faften itfelf to trees, when it wants to reft :
A cufhion moft curioufly wrought by queen
Elizabeth's own hands*

In the prccindls of Wind for, on the other
fide the Thames, both whofe banks are joined
by a bridge of wood, is Eton, a well built
College, and famous School for polite letters^
founded by Henry VI. where befides a Mafter,
eight Fellows and Chanters, fixty Boys are
maintained gratis : They are taught Gram-
mar, and remain in the fchool, till upon
trial made of their genius and progrefs in

t The original is optici ; // is impojjibje U
^uefs what colour he meant.

Y 2 ftudv.



79 MENTZNERI Itinerakium.

to in ftudiis progreflu in Academiam Canta-
brigienfem mittantur. >

Cum hinc ad diverforium noftrum revertere-
mur, foFtc fortuna incidimus in rujiicos fpici-
legla fua celebr antes ^ qui ultimam frugum vc-
hem floribus coronant, addita imagine fplcn-
dide veftita, qua Cererem forfitan fignificare
volentes, earn hinc inde movent, & magno
cum clamore viri juxta ac muiieres, fervi
atque ancillae currui infidcntcs per plateas
vociferantur, donee ad horreum deveniant :
- Agricorsfe fruges hie non in manipulos, uti
apudnos fieri confuevit, colligunt, fed ftatim,
quam primum refeci^t^ vel demeffe funt, ear-
ns imponunt, & in horrea fua convehunt.

Stanes, vicum tranfivimus.

Hamptok-Court, Arx Regia, ex coSth
lateribus a Thoma Wolfaeo Cardinale ad opes
fuas oflcntandas magnifice extrucSa, quae
quinque peramplas areas, cultiflimis aedificiis
cin£las, opere admodum fpeciofo includit :

Ad



HENTZNER's Travels. 79

ftudy, they are fent to the Univerfity of

Canibrido-e.



As we were returning to our inn, we hap-
pened to meet fome country people celebrating
their Harvejl-hoine ; their lafl: load of corn
they crown with flowers, having befides an
image richly drefled, by which perhaps they
would fignify Ceres, this they keep moving
about, while men and women, men and maid
fcrvants, riding through the flreets in the cart,
fhout as loud as they can till they arrive at the
barn : The farmers here do not bind up their
corn in fheaves, as they do with us, but di-
rc(5Wy as they have reaped or mowed it, put it
into carts, and convey it into their barns.

We went through the town of Staines.

Hampton-Court, a Royal Palace, mag-
nificently built with brick by Cardinal Wolfey
in oftentation of his wealth, where he en-
clofed five very ample courts, confifting of
noble edifices in very beautiful work : Over

the



8o HENTZNERI Itinerarium.

Ad portam fecundae are^e eft aurea Rofa, cum
fymbolo Reginae, Diet; et mon Droist :
Ex altera parte, interiore nempe, hujus por-
tae, funt xii. imperatorum Romanorum
effigies ex gypfo. Area Ipfa primaria lapide
quadrato conftrata eft, in cujus centro fons
falientis aquae, corona deaurata ftatuae Juftitiae
fubpofita te6tus confpicitur, quam columnae
ex marmore albo & nigro fuftinent. Sacellum
arcis fplendidifTimum eft, in cujus fuperiori
parte Regia fedes tota tranfparet & pellucet
a feneftris criftallinls. Dedu6li fuimus in
, Cameras duas, quas pr^efentationem vel au-
. dientiae vpcant fplcndentes tapetis aureis, ar-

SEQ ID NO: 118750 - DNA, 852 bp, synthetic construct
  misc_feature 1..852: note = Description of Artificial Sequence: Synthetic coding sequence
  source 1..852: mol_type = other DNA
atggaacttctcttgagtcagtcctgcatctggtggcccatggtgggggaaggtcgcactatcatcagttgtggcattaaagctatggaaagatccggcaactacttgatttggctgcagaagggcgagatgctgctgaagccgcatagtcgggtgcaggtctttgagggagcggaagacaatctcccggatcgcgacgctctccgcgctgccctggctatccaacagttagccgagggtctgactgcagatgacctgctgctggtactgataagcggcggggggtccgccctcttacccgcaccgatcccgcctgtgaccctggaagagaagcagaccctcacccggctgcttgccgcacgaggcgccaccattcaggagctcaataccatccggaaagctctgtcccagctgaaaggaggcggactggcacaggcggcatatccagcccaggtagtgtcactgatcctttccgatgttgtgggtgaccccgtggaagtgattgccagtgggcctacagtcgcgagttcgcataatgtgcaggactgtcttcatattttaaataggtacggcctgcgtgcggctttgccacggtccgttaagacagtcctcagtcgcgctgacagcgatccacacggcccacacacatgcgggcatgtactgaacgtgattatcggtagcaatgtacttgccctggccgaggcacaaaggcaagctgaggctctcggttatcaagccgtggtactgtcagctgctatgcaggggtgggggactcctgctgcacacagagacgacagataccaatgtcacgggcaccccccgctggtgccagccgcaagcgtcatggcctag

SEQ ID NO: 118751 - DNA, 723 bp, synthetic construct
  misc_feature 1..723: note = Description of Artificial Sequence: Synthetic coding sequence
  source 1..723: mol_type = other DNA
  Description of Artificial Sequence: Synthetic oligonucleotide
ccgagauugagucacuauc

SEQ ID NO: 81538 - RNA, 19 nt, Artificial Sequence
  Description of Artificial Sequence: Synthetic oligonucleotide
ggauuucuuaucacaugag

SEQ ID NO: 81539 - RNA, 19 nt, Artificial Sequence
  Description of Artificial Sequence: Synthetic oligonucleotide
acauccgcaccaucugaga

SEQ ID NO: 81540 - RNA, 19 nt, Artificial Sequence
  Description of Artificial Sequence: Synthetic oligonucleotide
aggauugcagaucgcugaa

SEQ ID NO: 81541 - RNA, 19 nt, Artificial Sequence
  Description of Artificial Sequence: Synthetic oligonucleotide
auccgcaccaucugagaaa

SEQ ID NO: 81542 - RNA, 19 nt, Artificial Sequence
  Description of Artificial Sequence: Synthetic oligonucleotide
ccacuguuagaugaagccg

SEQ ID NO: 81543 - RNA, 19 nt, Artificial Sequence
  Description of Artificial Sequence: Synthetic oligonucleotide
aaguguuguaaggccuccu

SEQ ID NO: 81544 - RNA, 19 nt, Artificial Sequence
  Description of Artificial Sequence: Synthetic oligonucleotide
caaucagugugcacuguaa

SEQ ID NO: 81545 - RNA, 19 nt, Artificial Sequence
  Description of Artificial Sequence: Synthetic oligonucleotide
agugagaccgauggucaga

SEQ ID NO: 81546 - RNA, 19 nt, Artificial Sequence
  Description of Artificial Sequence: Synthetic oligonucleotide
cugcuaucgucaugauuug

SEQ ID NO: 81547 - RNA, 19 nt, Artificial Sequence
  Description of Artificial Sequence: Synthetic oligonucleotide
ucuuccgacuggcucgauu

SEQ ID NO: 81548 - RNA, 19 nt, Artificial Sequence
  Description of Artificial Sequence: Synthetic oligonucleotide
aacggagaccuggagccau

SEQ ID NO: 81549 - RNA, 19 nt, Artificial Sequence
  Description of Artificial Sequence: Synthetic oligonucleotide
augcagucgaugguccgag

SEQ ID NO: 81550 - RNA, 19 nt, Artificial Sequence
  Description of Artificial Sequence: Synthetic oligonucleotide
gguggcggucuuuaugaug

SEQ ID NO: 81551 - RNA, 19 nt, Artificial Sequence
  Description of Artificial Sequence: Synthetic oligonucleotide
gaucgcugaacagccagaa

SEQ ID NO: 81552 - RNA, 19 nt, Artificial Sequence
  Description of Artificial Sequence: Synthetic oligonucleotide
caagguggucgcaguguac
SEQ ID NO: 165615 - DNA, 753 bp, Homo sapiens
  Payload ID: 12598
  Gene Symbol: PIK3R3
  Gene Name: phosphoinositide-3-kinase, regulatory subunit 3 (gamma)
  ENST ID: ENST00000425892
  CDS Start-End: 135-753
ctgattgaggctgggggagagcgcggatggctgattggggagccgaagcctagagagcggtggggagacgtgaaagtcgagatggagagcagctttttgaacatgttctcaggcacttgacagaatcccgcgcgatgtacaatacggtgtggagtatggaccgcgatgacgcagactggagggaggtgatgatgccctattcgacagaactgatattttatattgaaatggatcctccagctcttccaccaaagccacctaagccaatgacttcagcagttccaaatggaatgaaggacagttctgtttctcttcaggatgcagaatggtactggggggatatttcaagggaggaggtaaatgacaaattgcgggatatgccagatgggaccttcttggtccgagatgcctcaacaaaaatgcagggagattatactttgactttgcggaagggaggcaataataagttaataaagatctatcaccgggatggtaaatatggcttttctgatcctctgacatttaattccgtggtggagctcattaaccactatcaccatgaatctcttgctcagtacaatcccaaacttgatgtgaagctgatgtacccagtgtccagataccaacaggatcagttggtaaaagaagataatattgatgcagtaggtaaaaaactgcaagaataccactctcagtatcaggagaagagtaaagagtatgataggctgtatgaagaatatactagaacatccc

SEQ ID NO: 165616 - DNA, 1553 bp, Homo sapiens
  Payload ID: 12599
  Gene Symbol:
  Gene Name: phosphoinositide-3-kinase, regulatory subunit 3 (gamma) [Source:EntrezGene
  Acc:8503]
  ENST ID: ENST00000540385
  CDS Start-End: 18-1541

^enteis & fericis diverfi coloris; fub regio,
five majeftate ex margaritis hae voces erant
confutae j Vivat rex Henricus VIIL Eft ibi
quoque parvum Sacellum tapetis fplendide or-
natum, in quo Reglna facra tra6tare folet. In
cubiculo Reginae leilus preciofiilimis ftragu-
lis fericis crat coopertus : Non procul abhinc
vidimus Ic&um, cujus conopcea Anna Bolonia
. texuit, & Henrico VIII. Angli regi marito
ilio donavit. Omnia rcliqua conclavia, quo-
rum



.HENTZNER's Travels. So

the gate in the fecond area is the Queen's
device, a golden Rofe, with this motto,
DiEU ET MON Droit : On the inward
lide of this gate are the effigies of the twelve
Roman emperors in plaifter. The cheif area
is paved with fquare ftone, in it's center is a
fountain that throws up water, covered with
a gilt crown, on the top of which is a ftatue
of Juftice, fupported by columns of black
and white marble. The Chapel of this palace
is mod fplendid, in which the Queen's clofet
is quite tranfparent, having it's windovi^s of
chryftal. We were led into two chambers,
called the prefence, or chambers of audience,
which fhone with tapeftry of gold and filvcr
and fdk of different colours ; under the cano-
py of ftate are thefe words embroidered in
pearl, Vtvat Henricus Oclavus. Here is be-
fides a fmall Chapel richly hung with tapeftry,
where the Queen performs her devotions. In
her bed-chamber the bed was covered with very
coftly coverlids of filk : At no great diftance
from this room we were fhewn a bed, the
teaftef of which was worked by Anne Bullen^

and



8i HENTZNERI Itinerariua^.

rum funt plurima, tapetis artificiofifiime ex
holoferlco diverfi colons, auro & argento tex-
tis, quibus ex parte hiftoriae funt inipreffc, ex
parte habitus Turcici 5c Americani ad vivum
repraefentati, erant adornata.



In atrio hsec vifu digna :

' Speculum pellucidum, imagunculis & co-
lumn is ex alabaftrite fa6lis ornatum ; effigies
Edvvardi VI, regis Angliae fratris Elifabethab
reginae ; vera Lucretise effigies ; cum pugna
Papienfi depi(Sa ; hiftoria paffionis Chrifti ex
cochleis margaritarum fculpta ; vera Mariae
Stuartae Scotiae reginae fecuri percufTae, ejuf-
demque filiae imago i effigies Ferdinandi Prin-
cipis Hifpaniarum, Philippi filii ; & Henrici
VIII. Angliae regis, fub cujus pi<Sura Biblia
facra eleganter in membranam fcripta erant
collocata ; fphaera artificial is ; varia inftru-
menta mufica ; tapetia in quibus iEthiopes
elephantibus infidentes repraefentantur. Leftus
in quo natus perhlbetur Edvvardus VI. matrc
puerpera Semeria in eodcm morte extinfta ;

In



.HENTZNER's Travels. 8i

and prefented by her to her hufband Henry
VIII. All the other rooms, being very nu-
merous, are adorned with tapeftry of gold,
filver, and velvet, in fome of which were
woven hiflory pieces -, in others, Turkiih and
American dreffes, all extremely natural.

In the Hall axe thefe curiofities :
A very clear looking-glafs, ornamented with
columns and little images of alabafter ; a por-